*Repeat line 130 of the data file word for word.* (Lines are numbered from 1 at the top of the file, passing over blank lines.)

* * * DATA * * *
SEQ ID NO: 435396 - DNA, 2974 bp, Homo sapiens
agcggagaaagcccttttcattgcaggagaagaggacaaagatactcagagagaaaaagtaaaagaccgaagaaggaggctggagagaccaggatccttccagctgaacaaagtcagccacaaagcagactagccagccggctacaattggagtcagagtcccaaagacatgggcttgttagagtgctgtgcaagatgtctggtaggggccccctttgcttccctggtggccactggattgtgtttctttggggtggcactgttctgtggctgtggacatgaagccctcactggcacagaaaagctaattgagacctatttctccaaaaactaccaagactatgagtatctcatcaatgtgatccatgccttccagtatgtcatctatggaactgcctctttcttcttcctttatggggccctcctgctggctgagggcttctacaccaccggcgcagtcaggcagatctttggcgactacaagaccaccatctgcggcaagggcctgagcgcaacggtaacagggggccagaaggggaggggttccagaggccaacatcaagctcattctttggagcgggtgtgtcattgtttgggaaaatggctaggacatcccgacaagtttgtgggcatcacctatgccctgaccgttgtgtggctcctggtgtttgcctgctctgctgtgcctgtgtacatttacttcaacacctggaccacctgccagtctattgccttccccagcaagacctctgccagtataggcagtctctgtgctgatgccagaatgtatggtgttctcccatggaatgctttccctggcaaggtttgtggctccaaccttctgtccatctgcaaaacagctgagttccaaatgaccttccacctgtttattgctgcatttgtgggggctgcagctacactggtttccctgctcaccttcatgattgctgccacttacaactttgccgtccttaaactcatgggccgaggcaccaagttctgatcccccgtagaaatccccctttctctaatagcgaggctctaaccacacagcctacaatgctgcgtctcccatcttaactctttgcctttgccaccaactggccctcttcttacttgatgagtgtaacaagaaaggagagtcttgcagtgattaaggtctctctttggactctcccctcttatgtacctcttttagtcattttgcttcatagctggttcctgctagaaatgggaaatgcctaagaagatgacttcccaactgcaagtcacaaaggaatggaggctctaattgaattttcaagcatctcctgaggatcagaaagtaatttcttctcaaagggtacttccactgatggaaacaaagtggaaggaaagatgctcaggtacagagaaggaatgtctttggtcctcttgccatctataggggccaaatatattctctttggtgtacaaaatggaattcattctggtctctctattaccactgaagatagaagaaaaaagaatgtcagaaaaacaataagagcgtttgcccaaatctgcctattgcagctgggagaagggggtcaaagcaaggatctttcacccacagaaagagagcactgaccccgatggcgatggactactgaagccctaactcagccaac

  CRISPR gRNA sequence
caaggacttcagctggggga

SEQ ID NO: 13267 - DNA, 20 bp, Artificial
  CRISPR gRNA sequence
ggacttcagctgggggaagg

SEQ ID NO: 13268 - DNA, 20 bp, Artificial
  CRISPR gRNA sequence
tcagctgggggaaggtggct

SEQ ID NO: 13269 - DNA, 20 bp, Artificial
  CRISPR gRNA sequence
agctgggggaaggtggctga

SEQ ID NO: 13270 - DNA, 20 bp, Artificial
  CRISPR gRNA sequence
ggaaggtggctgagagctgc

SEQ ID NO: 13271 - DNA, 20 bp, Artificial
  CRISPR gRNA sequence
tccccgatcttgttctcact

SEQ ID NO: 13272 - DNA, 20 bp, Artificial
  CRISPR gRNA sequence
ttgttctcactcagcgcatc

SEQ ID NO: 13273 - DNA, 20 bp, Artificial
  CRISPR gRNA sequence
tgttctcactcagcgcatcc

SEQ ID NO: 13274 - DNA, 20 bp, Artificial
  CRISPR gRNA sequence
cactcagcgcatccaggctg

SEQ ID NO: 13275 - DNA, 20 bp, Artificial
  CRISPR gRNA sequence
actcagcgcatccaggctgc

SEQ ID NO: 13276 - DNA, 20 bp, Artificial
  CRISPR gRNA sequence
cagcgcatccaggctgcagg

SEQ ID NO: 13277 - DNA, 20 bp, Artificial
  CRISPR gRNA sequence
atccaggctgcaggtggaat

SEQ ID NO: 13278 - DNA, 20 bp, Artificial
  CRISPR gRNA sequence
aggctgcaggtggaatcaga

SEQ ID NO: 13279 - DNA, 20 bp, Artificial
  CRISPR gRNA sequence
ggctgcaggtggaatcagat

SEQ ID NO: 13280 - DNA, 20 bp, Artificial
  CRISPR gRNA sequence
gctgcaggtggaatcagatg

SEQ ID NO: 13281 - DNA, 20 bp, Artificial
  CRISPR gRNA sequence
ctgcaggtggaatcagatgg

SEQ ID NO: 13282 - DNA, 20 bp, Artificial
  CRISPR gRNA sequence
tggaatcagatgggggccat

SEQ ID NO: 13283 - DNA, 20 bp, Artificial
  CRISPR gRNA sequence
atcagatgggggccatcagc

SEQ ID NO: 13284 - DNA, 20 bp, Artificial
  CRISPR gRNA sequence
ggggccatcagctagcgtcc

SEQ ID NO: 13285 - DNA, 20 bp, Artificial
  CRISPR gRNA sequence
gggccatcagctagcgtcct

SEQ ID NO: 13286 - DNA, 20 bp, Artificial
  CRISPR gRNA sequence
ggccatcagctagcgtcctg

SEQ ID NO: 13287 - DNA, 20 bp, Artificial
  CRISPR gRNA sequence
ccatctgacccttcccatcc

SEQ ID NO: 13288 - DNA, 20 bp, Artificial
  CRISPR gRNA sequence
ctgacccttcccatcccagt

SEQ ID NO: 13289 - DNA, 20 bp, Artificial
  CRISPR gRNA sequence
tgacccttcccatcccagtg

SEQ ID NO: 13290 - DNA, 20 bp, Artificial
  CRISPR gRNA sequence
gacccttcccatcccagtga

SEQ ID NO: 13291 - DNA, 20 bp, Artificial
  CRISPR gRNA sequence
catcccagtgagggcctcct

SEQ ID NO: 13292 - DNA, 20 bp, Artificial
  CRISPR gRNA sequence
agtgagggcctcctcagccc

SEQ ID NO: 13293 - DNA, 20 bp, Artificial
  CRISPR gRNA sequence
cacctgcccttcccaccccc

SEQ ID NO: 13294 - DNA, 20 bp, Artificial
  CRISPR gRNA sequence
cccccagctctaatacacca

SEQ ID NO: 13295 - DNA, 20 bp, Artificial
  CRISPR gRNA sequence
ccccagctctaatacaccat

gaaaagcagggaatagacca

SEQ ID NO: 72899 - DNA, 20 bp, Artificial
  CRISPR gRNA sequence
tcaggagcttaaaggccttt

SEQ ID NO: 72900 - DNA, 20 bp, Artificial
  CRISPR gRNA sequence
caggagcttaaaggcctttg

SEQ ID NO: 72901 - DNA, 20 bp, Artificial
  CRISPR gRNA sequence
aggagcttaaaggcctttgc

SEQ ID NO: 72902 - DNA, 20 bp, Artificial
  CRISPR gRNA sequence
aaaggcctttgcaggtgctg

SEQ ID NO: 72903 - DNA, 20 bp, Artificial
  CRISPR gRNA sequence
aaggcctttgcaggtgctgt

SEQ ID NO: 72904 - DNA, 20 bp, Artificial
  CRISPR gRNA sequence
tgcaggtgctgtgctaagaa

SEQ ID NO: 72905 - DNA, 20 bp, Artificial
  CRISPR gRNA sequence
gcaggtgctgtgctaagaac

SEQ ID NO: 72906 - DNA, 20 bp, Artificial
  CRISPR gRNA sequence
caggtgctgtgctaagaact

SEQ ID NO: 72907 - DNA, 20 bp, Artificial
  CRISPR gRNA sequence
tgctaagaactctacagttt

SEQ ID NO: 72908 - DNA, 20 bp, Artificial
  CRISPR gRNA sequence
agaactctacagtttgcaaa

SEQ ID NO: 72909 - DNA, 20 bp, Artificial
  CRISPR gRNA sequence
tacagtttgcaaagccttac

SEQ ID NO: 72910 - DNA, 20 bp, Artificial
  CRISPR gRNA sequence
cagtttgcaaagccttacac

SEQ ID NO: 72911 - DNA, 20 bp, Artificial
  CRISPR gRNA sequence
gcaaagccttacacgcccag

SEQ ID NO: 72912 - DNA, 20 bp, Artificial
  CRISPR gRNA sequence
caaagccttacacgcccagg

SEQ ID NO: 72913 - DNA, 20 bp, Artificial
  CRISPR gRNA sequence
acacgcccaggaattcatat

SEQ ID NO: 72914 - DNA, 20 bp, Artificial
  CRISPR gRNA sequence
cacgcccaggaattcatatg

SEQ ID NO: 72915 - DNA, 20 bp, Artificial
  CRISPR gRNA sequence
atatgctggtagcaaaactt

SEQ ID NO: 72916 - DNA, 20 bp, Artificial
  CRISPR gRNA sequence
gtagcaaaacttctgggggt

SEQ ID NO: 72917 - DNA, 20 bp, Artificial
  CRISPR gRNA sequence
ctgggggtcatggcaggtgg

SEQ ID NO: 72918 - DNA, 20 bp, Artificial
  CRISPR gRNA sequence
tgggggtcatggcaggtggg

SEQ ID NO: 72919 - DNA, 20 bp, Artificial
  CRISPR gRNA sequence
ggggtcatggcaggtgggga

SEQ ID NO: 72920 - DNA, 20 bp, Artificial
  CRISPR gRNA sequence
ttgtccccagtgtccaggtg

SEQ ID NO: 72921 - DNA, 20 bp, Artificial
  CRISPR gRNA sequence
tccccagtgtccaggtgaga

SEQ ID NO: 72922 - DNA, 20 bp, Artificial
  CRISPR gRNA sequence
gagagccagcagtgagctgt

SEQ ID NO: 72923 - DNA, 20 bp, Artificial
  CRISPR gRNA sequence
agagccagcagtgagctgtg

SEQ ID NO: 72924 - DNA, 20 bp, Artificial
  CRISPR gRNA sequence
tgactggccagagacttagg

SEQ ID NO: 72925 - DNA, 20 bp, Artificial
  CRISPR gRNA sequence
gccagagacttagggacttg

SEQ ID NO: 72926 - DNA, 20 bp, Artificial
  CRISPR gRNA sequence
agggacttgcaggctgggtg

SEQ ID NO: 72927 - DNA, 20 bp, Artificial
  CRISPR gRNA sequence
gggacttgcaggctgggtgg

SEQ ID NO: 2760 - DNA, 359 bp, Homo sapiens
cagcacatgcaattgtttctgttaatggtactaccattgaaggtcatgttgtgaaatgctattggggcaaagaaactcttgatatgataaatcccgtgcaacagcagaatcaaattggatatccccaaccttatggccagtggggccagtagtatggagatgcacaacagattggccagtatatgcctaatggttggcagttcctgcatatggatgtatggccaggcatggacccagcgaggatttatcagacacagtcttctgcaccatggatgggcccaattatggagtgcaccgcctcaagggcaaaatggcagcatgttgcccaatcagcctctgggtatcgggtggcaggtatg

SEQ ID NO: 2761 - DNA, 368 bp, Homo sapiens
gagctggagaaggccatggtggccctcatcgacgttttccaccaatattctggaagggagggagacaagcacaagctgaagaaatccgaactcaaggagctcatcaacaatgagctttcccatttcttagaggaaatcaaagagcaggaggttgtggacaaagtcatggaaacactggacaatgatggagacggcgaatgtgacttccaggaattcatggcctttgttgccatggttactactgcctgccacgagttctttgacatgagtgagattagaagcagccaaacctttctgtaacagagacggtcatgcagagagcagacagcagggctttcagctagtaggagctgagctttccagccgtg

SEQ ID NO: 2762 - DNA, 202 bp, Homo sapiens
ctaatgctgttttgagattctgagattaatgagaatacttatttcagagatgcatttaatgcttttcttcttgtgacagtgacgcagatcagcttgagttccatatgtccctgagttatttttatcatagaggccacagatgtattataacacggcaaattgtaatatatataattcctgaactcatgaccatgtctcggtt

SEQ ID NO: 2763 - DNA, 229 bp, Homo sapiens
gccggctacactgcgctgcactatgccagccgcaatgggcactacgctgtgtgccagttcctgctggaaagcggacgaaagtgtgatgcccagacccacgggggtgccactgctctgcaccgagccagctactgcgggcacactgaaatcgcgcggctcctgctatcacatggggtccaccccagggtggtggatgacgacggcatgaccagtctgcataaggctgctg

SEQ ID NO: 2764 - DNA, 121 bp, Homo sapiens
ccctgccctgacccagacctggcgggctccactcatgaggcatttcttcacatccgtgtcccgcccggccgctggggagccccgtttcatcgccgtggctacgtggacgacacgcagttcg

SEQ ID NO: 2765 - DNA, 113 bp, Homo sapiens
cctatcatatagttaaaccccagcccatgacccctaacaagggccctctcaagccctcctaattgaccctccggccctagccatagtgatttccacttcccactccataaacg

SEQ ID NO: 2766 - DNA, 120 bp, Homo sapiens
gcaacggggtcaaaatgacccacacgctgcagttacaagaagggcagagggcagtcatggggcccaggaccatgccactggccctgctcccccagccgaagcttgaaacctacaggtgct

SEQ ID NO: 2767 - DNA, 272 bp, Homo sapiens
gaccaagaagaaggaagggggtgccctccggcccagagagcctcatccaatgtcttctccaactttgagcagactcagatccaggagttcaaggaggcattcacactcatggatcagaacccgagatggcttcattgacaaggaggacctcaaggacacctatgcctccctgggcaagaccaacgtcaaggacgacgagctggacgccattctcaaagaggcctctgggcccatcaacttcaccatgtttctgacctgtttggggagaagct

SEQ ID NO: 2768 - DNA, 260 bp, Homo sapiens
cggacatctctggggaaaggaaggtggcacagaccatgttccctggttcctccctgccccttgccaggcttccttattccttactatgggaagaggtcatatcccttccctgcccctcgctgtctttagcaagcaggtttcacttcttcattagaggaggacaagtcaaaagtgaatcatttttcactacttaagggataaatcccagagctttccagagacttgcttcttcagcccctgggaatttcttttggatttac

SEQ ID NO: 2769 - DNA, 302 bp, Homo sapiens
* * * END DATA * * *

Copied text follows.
  CRISPR gRNA sequence